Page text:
could not perform any miracle there on account of their unbelief, (Matthew 13:58.)
Not that the power of God is bound by the caprice of men, but because, as far as they are able, their malice opposes the exercise of that power, and therefore they do not deserve that it should be manifested to them. Frequently, indeed, does God overcome such obstacles; but yet, whenever he withdraws his hand, so as not to assist unbelievers, this is done because, shut up within the narrow limits of their unbelief, they do not allow it to enter.
Thou shalt see the glory of God. Observe, that a miracle is called the glory of God, because God, displaying in it the power of his hand, glorifies his name. But Martha, now satisfied with Christ's second declaration, permits the stone to be removed. As yet she sees nothing, but, hearing the Son of God, not without a good reason, give this order, she willingly relies on his authority alone.
41. And Jesus again raised his eyes. This was the token of a mind truly prepared for prayer; for before any one calls on God aright, he must be brought into communication with him, and this can only be done when, raised above the earth, he ascends even to heaven. True, this is not done by the eyes; for hypocrites, who are plunged in the deep filth of their flesh, appear to draw down heaven to them by their stern aspect; but what they only pretend to do must be sincerely accomplished by the children of God. And yet he who raises his eyes to heaven ought not, in his thoughts, to limit God to heaven; for He is present everywhere, and fills heaven and earth, (Jeremiah 23:24.) But as men can never free themselves from gross imaginations, so as not to form some low and earthly conception about God, unless when they are raised above the world, Scripture sends them to heaven, and declares that heaven is the habitation of God, (Isaiah 66:1.)
So far as relates to the eyes, it is not a custom that must be perpetually observed, so that without it prayer is not lawful; for the publican, who prays with his face cast down to the ground, does not the less, on this account, pierce heaven by his faith, (Luke 18:13.) Yet this exercise is profitable, because men are aroused by it to seek God; and not only so, but the ardor of prayer often affects the body in such a manner that, without thinking of it, the body follows the mind of its own accord. Certainly, we cannot doubt that, when Christ raised his eyes to heaven, he was carried towards it with extraordinary vehemence. Besides, as all his thoughts were with the Father, so he also wished to bring others to the Father along with him.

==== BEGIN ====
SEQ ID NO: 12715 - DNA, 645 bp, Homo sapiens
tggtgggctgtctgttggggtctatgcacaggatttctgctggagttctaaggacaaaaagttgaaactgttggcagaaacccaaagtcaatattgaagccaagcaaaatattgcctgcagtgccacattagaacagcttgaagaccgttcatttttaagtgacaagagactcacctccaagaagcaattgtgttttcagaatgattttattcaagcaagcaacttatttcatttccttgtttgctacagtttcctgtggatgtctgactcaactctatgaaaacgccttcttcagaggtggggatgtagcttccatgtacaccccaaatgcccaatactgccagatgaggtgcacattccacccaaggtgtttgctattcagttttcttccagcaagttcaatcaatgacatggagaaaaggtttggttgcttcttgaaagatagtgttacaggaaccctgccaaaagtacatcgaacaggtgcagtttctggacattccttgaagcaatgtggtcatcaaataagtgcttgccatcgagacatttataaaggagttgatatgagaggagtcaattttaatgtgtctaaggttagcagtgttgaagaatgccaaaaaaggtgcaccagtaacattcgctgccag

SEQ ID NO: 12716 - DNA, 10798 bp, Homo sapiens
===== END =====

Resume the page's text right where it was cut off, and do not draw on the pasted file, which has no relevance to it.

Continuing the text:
Father, I thank thee. He begins with thanksgiving, though he has asked nothing; but though the Evangelist does not relate that he prayed in a form of words, yet there can be no doubt whatever that, before this, there was a prayer, for otherwise it could not have been heard. And there is reason to believe that he prayed amidst those groanings which the Evangelist mentions; for nothing could be more absurd than to suppose that he was violently agitated within himself, as stupid men are wont to be. Having obtained the life of Lazarus, he now thanks the Father By saying that he has received this power from the Father, and by not ascribing it to himself, he does nothing more than acknowledge that he is the servant of the Father For, accommodating himself to the capacity of men, he at one time openly proclaims his Divinity, and claims for himself whatever belongs to God; and, at another time, he is satisfied with sustaining the character of a man, and yields to the Father the whole glory of Divinity. Here both are admirably brought together by the Evangelist in one word, when he says that the Father heard Christ, but that he gives thanks, that men may know that he was sent by the Father, that is, that they may acknowledge him to be the Son of God. The majesty of Christ being incapable of being perceived in its true elevation, the power of God, which appeared in his flesh, gradually raised to this elevation the gross and dull senses of men. For since he intended to be wholly ours, we need not wonder if he accommodates himself to us in various ways; and as he even allowed himself to be emptied (Philippians 2:7) for us, there is no absurdity in saying that he abases himself on our account.